2014 Fantasy Baseball: The Farm Report, July 22
The MiLB report is back.
Mookie Betts, after a short stint in Boston, is back in Triple-A. His long term prospects haven’t changed, though; his talent will likely shine through next season, when he should be in line for regular at-bats.
Another stalwart, who bursted onto the scene, has struggled mightily lately – if you’re thinking about Gregory Polanco, we’re on the same wavelength. In his last 100 plate appearances, Polanco has posted a 62 wRC+. Much like Betts, he’s fine. He’s just another example, that despite any prospect’s pedigree, immediate success isn’t guaranteed.
As for players still in the minors…
|Henry Owens||Red Sox||AA||112||26.1%||9.2%||2.25||3.04|
|Aaron Sanchez||Blue Jays||AA||66||20.0%||14.0%||3.82||4.24|
|Aaron Sanchez||Blue Jays||AAA||33.1||18.4%||11.6%||4.32||4.93|
The Rockies’ descent into the cellar is sad for one reason other than the fact that they won’t play meaningful baseball late in the season yet again: Jon Gray has been taken from us. Outside of a September cup of coffee, the Rockies have no reason to call him up and start his service time clock. And that’s a shame, considering how good he’s been lately – posting a 3.12 ERA (3.33 FIP) with a strikeout rate greater than 25% over his last eight starts. Hopefully Gray is given the chance to win a rotation spot out of Spring Training next season. Hell, he might be Colorado’s best pitcher if they allow him to be.
Archie Bradley’s injury scare seems to be completely behind him. Since his late June return, he’s posted a 2.15 ERA (3.34 FIP) in nearly 30 innings. His command has still been iffy (12.6 BB%), but that’s always been a question mark for him and something he has to improve moving forward. The important thing is that he’s healthy. Much like Gray, his parent club doesn’t gain much by giving him any major league time this year, so better luck next year, when he should fight for a rotation slot.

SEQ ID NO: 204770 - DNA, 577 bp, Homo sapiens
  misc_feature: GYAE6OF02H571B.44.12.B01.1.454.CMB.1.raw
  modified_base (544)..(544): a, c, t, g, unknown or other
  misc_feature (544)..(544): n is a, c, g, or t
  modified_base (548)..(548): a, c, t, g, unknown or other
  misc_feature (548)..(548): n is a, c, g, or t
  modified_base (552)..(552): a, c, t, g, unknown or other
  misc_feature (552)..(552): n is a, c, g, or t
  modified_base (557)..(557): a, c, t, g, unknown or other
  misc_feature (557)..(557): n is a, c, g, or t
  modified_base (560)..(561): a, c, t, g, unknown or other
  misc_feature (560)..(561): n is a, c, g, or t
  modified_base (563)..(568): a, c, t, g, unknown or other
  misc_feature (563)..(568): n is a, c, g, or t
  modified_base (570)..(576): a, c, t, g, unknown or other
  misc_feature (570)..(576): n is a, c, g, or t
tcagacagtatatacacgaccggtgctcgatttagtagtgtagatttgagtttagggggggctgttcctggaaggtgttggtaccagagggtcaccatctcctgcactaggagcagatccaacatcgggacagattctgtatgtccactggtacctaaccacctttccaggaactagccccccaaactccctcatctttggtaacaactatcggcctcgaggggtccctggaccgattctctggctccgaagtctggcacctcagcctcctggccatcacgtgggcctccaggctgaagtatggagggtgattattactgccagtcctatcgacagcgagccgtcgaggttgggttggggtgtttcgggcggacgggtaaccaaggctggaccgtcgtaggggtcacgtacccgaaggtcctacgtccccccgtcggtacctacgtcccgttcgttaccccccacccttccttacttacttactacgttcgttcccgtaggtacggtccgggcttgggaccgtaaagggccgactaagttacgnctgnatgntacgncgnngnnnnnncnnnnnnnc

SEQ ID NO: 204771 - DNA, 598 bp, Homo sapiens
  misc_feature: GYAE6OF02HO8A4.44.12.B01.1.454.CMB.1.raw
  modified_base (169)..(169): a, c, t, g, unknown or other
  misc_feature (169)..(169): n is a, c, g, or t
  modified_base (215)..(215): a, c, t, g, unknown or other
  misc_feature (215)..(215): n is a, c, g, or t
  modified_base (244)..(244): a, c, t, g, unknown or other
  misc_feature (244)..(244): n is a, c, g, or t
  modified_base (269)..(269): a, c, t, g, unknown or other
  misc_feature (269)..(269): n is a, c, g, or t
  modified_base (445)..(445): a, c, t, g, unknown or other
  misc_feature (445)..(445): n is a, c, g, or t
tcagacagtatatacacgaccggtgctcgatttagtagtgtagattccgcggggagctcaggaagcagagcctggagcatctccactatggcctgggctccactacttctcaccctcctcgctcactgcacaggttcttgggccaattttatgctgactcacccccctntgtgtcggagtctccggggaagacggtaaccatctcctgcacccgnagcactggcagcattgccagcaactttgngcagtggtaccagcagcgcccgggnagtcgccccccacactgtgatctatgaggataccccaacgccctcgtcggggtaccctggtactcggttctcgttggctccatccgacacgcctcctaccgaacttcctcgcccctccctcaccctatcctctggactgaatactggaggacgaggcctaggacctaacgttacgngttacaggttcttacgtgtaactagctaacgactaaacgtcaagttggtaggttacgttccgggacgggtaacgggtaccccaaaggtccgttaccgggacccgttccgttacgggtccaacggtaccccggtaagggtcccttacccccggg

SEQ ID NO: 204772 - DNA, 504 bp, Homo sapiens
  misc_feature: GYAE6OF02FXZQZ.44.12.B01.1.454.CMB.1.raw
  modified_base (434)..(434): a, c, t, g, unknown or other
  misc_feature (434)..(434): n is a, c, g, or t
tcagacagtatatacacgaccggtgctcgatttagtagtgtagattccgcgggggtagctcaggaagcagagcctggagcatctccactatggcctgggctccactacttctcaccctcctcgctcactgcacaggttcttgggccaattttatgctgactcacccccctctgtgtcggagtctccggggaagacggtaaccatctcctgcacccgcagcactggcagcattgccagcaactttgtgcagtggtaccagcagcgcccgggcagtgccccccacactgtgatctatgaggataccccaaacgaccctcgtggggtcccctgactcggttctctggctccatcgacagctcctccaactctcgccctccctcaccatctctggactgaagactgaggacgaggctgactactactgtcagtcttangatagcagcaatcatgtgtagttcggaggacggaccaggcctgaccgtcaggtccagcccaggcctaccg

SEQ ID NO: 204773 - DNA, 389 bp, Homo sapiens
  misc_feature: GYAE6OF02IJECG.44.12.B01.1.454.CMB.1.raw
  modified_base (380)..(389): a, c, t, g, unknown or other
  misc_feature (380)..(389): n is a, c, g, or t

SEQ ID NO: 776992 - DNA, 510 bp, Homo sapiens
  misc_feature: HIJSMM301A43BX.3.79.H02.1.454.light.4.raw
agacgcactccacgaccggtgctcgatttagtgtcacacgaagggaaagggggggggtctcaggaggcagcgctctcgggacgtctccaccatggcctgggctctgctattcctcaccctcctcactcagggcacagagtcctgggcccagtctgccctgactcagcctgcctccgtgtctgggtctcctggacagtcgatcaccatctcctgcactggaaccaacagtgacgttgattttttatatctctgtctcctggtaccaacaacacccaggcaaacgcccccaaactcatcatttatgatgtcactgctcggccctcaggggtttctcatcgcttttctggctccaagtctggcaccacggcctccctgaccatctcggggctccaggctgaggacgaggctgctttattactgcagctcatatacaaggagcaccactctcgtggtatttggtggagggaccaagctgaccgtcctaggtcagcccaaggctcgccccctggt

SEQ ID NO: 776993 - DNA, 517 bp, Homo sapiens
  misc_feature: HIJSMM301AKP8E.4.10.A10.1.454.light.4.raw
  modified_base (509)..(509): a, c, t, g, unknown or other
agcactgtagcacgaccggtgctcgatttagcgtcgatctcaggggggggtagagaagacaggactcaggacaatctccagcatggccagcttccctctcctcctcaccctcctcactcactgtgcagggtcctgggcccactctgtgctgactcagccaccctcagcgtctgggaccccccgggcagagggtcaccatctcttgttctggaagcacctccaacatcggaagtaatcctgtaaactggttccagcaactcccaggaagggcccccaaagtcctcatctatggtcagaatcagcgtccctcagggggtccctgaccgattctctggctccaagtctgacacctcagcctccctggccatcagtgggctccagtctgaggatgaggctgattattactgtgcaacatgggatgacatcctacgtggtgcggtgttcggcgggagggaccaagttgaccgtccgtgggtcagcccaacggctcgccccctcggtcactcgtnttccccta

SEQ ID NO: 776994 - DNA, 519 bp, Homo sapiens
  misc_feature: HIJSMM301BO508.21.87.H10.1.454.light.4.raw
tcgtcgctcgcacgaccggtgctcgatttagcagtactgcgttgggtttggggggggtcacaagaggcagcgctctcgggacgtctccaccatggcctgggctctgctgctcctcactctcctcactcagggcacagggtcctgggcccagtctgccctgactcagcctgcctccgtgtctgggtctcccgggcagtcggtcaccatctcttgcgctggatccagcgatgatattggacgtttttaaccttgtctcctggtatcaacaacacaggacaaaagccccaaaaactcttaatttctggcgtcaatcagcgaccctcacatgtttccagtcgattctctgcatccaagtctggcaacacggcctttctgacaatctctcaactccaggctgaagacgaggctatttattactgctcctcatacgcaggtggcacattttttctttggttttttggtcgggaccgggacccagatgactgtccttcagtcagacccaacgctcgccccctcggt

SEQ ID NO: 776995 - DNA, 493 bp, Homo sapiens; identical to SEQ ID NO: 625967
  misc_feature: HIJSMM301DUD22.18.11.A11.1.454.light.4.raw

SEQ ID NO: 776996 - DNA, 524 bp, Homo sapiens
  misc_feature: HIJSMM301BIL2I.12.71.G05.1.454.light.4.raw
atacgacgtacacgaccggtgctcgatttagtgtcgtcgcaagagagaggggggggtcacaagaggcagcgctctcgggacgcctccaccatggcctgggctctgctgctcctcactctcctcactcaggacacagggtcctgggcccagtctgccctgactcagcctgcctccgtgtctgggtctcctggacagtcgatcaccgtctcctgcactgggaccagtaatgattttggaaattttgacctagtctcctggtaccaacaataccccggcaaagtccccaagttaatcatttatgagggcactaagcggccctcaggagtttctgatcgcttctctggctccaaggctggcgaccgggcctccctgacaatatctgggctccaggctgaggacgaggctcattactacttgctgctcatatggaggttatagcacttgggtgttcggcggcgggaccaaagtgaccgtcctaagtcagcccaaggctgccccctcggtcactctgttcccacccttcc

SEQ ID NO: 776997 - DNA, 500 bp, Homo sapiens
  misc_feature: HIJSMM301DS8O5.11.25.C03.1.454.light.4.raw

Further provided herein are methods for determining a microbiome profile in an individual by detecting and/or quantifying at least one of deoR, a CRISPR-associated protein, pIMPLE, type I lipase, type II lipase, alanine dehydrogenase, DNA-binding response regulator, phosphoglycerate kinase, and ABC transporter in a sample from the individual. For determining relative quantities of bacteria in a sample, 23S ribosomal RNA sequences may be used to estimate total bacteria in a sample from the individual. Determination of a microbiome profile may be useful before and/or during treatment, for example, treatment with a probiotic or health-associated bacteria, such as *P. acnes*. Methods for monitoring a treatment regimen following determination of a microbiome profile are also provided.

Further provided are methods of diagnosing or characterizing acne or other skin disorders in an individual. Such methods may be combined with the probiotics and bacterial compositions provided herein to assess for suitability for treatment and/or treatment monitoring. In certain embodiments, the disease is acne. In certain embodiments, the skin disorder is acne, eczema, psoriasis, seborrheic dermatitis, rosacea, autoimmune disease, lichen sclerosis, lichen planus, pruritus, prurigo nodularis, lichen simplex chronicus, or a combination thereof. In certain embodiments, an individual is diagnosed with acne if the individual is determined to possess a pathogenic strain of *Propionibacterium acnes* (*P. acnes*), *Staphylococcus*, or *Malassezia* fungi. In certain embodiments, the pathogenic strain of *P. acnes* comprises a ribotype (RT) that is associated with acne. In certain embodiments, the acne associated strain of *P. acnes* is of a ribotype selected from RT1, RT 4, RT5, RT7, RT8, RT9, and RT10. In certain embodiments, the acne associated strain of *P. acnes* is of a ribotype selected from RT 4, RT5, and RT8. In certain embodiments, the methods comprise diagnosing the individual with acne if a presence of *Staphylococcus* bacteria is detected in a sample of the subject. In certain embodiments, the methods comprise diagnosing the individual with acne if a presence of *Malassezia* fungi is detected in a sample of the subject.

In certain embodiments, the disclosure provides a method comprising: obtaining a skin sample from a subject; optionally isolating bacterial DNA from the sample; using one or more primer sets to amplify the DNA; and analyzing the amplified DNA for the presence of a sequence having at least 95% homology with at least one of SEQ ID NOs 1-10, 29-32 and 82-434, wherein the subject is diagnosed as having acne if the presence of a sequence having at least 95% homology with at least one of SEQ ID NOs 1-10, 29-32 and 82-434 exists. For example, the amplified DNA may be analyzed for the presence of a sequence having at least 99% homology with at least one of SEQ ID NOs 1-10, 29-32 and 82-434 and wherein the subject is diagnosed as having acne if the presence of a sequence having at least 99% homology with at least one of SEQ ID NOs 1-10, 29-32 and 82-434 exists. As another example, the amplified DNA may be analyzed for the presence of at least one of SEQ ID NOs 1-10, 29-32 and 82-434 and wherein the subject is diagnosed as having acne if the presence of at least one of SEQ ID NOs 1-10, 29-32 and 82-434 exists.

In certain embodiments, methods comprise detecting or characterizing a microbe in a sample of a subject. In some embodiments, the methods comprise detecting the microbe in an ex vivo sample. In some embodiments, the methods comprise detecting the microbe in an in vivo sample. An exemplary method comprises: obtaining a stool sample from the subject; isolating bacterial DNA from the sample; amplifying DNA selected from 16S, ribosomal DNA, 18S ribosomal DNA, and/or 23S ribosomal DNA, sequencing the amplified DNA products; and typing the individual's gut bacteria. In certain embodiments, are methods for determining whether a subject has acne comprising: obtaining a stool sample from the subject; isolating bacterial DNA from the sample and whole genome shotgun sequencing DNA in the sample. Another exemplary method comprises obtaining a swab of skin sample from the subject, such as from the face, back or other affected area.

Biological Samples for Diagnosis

Hell, let’s keep going with our theme: I’m pretty good, but my Major League team isn’t, so I’m probably not getting called up. Trevor May and Alex Meyer have been phenomenal all season. They’re probably not getting a call, though, considering the Twins are twelve games under .500 and completely out of the running for the Wild Card. [Inserts line about how they’ll be interesting next season.]
Finally, to the man of the hour: Mark Appel. No one knows what to do with him. He surrendered 14 runs in his last two starts (six innings). Seemingly everything he throws gets hit hard. Lancaster is a tough place to pitch, but if you’re Houston, can you really promote him to Double-A after his performance this year? One thing’s for sure, he’s only going to work whatever this is out by being on a mound, so shutting him down doesn’t seem like a reasonable option. This sucks for him. And it sucks for Houston, perhaps even more so after this weekend’s Brady Aiken mess. As if being an Astro fan wasn’t tough enough, the future has to go and be unpredictable!
Late edit: Aaron Sanchez, control issues intact, is now in Toronto. I’m not a huge Sanchez supporter, because of his lack of command. There’s not much doubt regarding the quality of his stuff, but he’s not on my radar until he shows improved command.
Joey Gallo is still hitting home runs, despite his promotion. He’s also striking out over 40% of the time, though. Gallo’s going to be a phenomenal case study. How much contact do you need to make in order to be successful if any time you barrel a ball up it has a chance of leaving the yard? George Springer’s leading that charge, at the moment; Gallo may be next.
If Gallo isn’t a posted boy for the three true outcomes, Kris Bryant is. There isn’t much I can write about Bryant that hasn’t been written before: He’s very good and will likely be an impact bat at the next level. Done and done.
Lastly, I’ve added one name to the report today: Jose Peraza. I added him for two reasons: 1. I’m a Braves fan. 2. He has a ton of speed, and we were lacking a little of that on our list.
Peraza doesn’t draw walks, nor does he strike out, and he has no power. He is a contact lover’s dream. Luckily for him, he has plus-speed to go along with his contact ability.
At High-A Peraza was successful on 35 of his 42 stolen base attempts. His success rate at Double-A hasn’t been as impressive, but it’s somewhat skewed by being picked off (an issue in its own right).
Shortstop (Peraza’s natural position) is accounted for in Atlanta for quite some time. Second base, however, is a little more up in the air. Tommy La Stella has performed well (112 wRC+) since being called up, but there is an argument to be made in Peraza’s favor: his defense is highly regarded, and his speed could be game-changing. It’ll be interesting to see which direction the Braves take this in over the next year and a half. For fantasy purposes, though, you’re probably rooting for Peraza to win out.